Time to return to Zenith’s aforementioned El Primero: only a few months after the launch of the original Tambour, the first chronograph Tambour appeared, housing the LV277. The movement used the El Primero by Zenith as its muse: the famous first automatic calibre with its 5 Hz (36,000 vph) frequency – allowing it to measure 1/10th of a second. But fear not, fans of Louis Vuitton: the brand would later create its own ground-breaking movement.

In 2013, Louis Vuitton made its own mark in the Swiss watchmaking industry with the creation of its own in-house specialised chronograph movement, housed in the nautical Tambour Twin Chrono. This monopusher chronograph, celebrating the America’s Cup and the company-founded Louis Vuitton Cup, was designed specifically for yacht racing. The twin chronograph movement LV 175 thus displays two chronograph subdial counters tracking each yacht’s time, while a third shows the time difference between the two racing boats. In order to achieve this precise measurement, the specialised calibre integrates a three-layer column wheel.

With a highly legible dial, a four-stroke pusher and two winding crowns, the manufacture also placed great emphasis on usability, creating a simultaneously simple-functioning yet complicated, ground-breaking new mechanism. Creating this great feat of horology took 437 components – 40 of which were specifically invented to create the Twin Chrono LV 175 calibre. Only two years after taking over Le Fabrique du Temps, Michael Navas and his team proved to be well and truly on track. The Twin Chrono movement is an exceptional example of what a powerhouse such as Louis Vuitton can achieve with the right people behind them.

Louis Vuitton and the Geneva Seal

Here comes another example. In 2016, Louis Vuitton reached every young Swiss watch manufacture’s dream: acquiring the Poinçon de Genève. This coveted seal, in existence since 1886, essentially signifies a horology house’s ability to work to the absolute highest standards of the industry, from finishing and decoration to a movement’s precision. To this day, it’s pretty much the most coveted accolade a watch can receive. For Louis Vuitton’s Le Fabrique du Temps, it firmly signalled to the world that their watches were to be taken seriously once and for all. So far, the maison has three Geneva seal movements to its name: the aforementioned Voyager Flying Tourbillon, followed bythe Tambour Moon Flying Tourbillon, and the Tambour Curve in 2020. Several of these, observant readers will note, were tourbillons; Louis Vuitton has been producing tourbillon watches for a long time, with the first already produced in 2004 (although this used a mechanism from La Joux-Perret).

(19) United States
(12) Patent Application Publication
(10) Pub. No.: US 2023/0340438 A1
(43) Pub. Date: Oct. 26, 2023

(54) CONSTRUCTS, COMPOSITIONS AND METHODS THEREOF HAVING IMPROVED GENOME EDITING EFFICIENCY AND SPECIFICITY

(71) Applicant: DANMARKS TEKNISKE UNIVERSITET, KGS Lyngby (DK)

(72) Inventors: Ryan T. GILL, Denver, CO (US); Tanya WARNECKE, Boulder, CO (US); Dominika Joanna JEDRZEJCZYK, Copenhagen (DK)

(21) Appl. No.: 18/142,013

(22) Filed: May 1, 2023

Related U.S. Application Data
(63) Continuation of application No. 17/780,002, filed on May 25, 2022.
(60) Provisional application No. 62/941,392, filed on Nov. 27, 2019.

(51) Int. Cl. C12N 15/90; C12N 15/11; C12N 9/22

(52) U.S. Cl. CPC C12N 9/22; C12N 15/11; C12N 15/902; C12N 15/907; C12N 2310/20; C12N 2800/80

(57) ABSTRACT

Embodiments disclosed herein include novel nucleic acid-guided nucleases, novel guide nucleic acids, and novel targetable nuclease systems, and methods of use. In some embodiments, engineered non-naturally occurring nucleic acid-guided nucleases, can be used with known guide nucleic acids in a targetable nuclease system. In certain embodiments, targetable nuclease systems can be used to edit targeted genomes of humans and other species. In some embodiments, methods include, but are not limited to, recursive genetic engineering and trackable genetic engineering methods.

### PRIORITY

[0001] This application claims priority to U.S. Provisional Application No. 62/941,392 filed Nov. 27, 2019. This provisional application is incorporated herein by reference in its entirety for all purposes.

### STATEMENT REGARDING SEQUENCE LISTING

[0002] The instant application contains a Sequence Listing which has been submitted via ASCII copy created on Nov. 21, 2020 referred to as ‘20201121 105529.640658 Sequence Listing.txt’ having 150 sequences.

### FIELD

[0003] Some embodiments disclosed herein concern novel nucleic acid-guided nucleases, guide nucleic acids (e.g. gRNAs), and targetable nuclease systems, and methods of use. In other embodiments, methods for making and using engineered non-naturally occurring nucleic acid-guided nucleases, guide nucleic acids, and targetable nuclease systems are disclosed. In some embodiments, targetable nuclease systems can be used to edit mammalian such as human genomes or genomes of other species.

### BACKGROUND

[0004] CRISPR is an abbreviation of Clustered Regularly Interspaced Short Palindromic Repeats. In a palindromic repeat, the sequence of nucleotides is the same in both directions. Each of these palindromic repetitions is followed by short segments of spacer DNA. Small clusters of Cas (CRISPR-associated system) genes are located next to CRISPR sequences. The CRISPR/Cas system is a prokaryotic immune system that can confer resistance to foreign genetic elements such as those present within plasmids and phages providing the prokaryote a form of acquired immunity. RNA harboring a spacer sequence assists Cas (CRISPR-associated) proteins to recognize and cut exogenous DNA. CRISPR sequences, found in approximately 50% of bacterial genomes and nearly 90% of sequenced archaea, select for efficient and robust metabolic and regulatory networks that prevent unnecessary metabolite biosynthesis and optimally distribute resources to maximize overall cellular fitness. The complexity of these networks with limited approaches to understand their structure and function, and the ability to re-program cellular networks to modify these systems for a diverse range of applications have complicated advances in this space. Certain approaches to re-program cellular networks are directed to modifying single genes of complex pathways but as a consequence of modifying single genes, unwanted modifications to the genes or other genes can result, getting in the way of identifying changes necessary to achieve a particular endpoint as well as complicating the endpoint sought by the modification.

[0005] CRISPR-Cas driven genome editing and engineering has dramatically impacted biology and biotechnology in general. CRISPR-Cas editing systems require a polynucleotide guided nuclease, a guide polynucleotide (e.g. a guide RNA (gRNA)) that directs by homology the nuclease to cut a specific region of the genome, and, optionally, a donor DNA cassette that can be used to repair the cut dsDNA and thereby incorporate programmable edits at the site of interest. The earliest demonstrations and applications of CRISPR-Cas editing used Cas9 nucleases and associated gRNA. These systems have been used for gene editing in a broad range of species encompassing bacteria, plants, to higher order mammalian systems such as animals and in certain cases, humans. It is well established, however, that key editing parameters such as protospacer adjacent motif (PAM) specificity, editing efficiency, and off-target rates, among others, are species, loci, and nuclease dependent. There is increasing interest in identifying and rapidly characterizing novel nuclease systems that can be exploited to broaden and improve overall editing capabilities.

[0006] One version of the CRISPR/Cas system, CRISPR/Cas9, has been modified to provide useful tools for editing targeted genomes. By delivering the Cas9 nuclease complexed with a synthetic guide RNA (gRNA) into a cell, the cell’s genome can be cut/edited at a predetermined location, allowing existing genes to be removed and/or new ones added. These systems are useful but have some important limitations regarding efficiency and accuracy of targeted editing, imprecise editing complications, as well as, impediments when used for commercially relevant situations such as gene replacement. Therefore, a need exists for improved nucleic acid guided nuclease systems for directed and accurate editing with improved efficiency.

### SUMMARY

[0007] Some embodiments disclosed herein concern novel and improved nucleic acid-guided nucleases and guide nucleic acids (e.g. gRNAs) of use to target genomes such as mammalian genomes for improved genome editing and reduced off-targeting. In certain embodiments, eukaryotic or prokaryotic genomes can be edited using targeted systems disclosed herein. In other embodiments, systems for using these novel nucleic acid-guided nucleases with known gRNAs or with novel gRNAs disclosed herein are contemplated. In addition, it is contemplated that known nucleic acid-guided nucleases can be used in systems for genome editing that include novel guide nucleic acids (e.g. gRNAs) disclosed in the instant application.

Louis Vuitton’s own in-house (Poinçon de Genève) Calibre LV97

The first Louis Vuitton watch to receive the Poinçon de Genève was the Voyager Flying Tourbillon in 2016, featuring a vertically mounted mechanism in order to expose the intricacy of the mechanics at play. Furthermore, it introduced a brand-new case, entirely different to the Tambour. This new case had unusually shaped rounded bezel and airy architecture, with swathes of space between the movement situated around the edges, while seemingly floating in the centre. At 12 o’clock, the time was displayed on a transparent disc, and the aethereal flying tourbillon lies at 6 o’clock.  It is a stunningly unique, highly impressive watch – it quickly becomes apparent that this is a watch worthy of bearing the Poinçon de Genève, which is proudly engraved at 3 o’clock.

The second watch to receive the prestigious hallmark was the Tambour Moon Flying Tourbillon in 2017. The Tambour Moon Flying Tourbillon marked not only the manufacture’s second Poinçon de Genève timepiece, but also the introduction of a novel concave Tambour case. More streamlined than the original Tambour case, it measured a wider diameter of 42.5 mm yet a shorter height of 9.65 mm. Furthermore, the watch also introduced a new quick-release system for the straps. This complicated watch, powered by the LV97, integrated a one-minute flying tourbillon, but in no ordinary form. Rather, it came in the shape of the Louis Vuitton’s signature monogram flower, visible across the maison’s product range, from bags to bracelets. This adds a high fashion touch to a high horology watch: a rare sight indeed. The movement (LV97) also has an innovative yet aesthetic design. The fully open-worked movement presents the bridges and base plate as concentric circles, exposing the single barrel at 12 o’clock – a stylish and educating delight to behold for fans of watchmaking.